This information was first shared in the articles section of this website . I thought it would benefit tenants if I included it here as well.
Tenancy laws are in place to protect renters rights when leasing an apartment or home. Without knowledge of your rights landlords may be violating yours. Below are some common questions and misconceptions about leasing.
What are the rules about rental deposits?
There is much confusion about what a landlord can hold a deposit for. Some landlords or property managers will ask for a deposit for keys or pet damages. In Ontario Canada a key deposit is only applicable if additional keys are required.
A tenant may voluntarily offer a deposit against pet damages but tenancy shouldn’t be based on having one.
The maximum amount a tenant should be asked to pay for a deposit is the equivalent of one month's rent. Which is typically applied against their last month of tenancy.
How much notice does the tenant need to give before ending their lease?
If the tenants have signed a 1yr lease they may not be able to terminate that lease before the year is up. The earliest the tenants could give notice on a yearly lease and on a month to month basis is 60 days prior to the anniversary of their lease. Anything shorter must get approval from the landlord tenant board or the consent of the property owner or manager.
Does a landlord need to give notice to enter a unit?
In most cases a landlord or property manager must give proper notice before entering a rental dwelling. This notice consists of at least 24 hrs. prior to the visit and it should be hand delivered or posted on the door of the unit. The only circumstances that could supersede that is if a emergency situation was presented.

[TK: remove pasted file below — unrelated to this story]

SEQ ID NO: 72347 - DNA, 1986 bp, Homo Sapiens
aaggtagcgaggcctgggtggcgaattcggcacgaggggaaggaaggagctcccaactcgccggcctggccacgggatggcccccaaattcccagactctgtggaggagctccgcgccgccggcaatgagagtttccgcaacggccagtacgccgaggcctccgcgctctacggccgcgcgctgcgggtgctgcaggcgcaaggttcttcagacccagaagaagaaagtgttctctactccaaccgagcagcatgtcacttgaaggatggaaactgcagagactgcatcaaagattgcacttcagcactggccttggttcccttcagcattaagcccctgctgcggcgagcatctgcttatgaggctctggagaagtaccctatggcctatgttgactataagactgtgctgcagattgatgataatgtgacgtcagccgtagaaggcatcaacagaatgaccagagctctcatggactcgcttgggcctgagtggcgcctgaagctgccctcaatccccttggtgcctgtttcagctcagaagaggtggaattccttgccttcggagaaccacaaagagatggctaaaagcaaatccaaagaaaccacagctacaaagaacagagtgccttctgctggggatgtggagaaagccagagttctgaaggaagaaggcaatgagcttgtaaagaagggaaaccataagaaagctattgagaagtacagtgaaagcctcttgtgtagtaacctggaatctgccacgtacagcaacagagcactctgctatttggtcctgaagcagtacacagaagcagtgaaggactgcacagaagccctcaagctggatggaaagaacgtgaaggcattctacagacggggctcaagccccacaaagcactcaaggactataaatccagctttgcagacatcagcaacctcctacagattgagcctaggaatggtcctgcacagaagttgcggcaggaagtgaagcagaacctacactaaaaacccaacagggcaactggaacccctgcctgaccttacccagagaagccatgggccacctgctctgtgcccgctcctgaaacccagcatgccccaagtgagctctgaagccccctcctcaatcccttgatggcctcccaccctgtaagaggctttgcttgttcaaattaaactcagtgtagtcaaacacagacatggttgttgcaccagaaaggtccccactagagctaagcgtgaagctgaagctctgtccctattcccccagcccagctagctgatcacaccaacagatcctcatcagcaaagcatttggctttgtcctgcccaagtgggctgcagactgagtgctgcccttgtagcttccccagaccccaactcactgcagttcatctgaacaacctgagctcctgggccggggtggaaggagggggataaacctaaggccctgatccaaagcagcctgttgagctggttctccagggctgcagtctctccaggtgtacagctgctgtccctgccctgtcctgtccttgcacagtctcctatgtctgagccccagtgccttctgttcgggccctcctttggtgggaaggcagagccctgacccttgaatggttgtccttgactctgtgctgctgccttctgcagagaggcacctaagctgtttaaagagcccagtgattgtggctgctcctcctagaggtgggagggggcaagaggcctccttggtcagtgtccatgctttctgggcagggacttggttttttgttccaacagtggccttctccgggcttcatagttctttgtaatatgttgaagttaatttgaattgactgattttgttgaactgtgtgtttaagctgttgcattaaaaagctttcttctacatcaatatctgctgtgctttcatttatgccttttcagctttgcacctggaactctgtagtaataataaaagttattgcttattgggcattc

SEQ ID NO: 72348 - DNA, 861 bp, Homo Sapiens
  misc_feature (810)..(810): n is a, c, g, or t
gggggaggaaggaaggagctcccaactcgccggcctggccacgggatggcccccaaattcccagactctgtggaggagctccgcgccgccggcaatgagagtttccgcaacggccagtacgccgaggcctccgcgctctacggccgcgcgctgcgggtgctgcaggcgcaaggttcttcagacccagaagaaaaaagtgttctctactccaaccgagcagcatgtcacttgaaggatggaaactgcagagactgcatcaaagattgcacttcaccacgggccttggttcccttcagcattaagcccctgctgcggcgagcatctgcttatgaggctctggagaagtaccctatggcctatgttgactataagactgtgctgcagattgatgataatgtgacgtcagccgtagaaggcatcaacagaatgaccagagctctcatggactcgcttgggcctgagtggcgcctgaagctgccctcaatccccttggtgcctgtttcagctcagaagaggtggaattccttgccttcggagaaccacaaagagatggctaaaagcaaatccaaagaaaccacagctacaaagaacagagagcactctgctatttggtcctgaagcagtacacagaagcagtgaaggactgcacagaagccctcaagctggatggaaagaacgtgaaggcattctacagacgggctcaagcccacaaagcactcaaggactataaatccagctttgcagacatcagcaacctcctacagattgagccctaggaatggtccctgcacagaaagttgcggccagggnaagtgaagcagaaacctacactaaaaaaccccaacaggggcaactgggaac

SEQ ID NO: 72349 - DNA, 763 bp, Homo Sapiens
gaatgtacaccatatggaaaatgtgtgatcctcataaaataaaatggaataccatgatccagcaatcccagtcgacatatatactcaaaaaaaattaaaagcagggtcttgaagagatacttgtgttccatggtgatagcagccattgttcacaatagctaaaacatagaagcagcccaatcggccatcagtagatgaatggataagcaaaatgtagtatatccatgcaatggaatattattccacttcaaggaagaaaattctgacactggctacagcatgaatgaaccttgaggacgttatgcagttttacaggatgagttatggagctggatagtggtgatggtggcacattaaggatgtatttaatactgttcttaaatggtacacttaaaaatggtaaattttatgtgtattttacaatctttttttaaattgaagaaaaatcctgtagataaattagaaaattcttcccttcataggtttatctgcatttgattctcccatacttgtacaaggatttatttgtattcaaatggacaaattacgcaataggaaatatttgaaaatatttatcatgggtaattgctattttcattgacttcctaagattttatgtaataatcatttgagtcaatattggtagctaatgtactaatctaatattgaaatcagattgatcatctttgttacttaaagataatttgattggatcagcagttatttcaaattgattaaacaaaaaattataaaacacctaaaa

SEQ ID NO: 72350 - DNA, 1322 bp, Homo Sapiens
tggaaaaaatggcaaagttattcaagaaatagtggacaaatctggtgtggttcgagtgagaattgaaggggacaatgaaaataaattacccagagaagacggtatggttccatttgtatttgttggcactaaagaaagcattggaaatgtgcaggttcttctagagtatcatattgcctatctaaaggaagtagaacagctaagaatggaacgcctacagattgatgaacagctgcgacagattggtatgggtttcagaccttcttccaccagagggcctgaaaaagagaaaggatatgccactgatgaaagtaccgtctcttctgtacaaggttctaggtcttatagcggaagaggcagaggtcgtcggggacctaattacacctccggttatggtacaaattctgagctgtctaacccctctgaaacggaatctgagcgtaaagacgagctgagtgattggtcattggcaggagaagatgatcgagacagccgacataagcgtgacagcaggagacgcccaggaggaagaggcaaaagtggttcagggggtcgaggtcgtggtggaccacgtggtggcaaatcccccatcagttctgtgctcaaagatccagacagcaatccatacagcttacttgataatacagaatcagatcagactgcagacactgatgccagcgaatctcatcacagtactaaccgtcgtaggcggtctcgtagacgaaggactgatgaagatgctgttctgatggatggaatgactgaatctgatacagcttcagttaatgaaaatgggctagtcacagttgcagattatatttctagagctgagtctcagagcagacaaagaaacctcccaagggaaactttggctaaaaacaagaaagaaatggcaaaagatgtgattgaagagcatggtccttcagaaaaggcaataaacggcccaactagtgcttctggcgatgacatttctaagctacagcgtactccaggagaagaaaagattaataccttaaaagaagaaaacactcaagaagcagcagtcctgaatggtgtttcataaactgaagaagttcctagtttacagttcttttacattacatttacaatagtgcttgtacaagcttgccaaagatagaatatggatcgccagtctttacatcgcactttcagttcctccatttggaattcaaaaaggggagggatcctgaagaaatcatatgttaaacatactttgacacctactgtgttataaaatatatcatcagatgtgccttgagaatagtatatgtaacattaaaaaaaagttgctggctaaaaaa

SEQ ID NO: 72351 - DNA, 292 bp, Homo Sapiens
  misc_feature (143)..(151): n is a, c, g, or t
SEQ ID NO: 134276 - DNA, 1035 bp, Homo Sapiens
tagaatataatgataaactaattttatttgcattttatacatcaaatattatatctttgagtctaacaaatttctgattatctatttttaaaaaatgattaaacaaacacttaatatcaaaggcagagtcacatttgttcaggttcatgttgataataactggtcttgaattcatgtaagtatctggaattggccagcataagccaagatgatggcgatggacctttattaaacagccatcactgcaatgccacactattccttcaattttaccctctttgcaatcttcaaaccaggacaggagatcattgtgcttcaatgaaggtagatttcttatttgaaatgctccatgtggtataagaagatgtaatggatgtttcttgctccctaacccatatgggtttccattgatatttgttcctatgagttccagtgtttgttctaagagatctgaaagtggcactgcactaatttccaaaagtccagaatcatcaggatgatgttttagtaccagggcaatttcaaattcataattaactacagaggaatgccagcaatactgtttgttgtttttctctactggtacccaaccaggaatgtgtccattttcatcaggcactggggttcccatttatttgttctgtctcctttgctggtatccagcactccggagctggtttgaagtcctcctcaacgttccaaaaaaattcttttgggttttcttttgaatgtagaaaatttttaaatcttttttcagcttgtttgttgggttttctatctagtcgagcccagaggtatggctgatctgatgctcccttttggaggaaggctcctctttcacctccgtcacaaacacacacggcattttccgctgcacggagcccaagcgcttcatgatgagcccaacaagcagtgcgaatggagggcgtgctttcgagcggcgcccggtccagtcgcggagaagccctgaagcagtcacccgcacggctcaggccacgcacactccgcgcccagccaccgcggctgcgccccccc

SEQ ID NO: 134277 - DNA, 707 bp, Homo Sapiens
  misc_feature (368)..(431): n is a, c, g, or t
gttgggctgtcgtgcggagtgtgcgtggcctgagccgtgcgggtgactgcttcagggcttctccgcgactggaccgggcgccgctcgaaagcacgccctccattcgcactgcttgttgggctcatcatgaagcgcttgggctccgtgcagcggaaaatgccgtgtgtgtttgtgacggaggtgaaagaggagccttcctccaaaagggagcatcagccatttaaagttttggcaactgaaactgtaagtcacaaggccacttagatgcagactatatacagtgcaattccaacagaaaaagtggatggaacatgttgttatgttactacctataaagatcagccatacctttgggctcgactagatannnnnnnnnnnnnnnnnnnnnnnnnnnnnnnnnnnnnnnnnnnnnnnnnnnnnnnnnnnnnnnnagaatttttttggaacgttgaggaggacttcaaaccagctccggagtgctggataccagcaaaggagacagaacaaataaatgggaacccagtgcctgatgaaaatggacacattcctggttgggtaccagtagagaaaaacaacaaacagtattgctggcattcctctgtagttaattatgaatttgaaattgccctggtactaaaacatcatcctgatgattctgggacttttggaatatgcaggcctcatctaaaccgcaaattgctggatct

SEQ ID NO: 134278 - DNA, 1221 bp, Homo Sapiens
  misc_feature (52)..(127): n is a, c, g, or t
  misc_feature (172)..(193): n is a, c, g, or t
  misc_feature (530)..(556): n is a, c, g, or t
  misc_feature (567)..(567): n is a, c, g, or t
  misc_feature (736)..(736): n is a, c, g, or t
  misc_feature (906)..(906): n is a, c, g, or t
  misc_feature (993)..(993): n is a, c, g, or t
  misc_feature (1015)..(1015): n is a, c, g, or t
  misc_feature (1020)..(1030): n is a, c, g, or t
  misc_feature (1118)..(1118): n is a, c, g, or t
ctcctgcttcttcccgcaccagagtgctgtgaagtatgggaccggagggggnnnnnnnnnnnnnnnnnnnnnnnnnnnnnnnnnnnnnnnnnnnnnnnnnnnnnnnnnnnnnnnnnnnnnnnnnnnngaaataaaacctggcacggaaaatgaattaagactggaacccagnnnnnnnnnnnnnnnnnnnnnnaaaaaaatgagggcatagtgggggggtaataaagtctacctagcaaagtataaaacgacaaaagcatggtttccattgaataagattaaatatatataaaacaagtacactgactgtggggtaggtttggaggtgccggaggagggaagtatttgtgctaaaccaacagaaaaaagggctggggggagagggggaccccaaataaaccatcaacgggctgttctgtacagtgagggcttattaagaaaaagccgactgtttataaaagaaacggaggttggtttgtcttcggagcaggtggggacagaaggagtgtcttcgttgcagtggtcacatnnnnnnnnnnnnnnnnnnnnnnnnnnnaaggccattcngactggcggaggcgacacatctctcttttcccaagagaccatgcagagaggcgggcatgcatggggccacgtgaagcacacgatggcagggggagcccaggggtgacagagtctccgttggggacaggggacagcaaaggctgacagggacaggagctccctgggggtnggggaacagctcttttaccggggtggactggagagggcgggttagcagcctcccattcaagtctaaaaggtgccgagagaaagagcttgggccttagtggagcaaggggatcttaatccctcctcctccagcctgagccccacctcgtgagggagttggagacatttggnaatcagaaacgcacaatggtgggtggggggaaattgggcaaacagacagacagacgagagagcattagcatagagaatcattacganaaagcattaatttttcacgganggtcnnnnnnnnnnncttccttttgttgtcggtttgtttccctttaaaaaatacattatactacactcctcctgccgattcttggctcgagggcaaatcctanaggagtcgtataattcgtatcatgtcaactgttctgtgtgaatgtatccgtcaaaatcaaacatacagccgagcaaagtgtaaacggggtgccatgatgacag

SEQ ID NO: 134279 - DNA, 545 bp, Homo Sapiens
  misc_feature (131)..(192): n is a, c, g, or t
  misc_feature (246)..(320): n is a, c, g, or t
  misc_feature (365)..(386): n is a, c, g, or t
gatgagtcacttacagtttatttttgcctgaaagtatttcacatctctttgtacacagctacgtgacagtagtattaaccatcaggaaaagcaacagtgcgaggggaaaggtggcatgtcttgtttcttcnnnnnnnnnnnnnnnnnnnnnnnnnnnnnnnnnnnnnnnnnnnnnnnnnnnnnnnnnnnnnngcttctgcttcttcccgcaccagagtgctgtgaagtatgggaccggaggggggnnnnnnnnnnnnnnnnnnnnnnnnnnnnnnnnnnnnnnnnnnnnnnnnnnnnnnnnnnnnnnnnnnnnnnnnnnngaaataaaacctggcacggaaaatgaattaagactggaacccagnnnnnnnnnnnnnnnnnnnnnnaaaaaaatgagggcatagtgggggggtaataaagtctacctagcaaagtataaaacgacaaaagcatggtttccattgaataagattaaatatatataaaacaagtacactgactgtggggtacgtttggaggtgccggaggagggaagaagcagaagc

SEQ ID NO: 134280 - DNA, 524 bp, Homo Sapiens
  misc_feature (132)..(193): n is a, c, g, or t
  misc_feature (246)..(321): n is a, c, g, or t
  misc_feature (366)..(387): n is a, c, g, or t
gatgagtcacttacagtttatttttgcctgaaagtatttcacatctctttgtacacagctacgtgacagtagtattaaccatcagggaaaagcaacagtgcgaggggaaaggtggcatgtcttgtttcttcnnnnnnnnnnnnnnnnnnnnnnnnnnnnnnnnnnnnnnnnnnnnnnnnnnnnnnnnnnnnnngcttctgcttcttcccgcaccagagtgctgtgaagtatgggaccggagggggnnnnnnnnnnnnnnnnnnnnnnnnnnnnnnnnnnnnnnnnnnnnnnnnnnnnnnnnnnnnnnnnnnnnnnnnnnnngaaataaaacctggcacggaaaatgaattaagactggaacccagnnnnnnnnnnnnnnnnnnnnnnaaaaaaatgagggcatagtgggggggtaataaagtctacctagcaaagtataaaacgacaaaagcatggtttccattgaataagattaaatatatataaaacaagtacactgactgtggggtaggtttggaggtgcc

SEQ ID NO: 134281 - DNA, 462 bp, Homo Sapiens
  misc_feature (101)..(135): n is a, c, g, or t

How long should a tenant expect to wait for repairs to be performed?
If it is an emergency (not leaky faucet) such as a burst pipe the tenant should be able to contact the landlord or manager and expect prompt response to the situation. Depending on the severity of the complaint the tenant should use reasonable judgement as to how fast it should be addressed. If renters feel they are being neglected they should contact the landlord again or the landlord tenant board of Ontario for assistance.
Having a successful experience renting will depend largely on communication and consideration towards all parties involved. It is mutually beneficial that things run well and needs are met. Help do your part to create a win win situation.
Tenants please "Like" or " Share" to spread the word about your rights in Ontario.
Thank you to David Castillo Dominici at freedigitalphotos.net for the picture
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Glenn Brown is a Property Manager, Landlord, Spouse and father.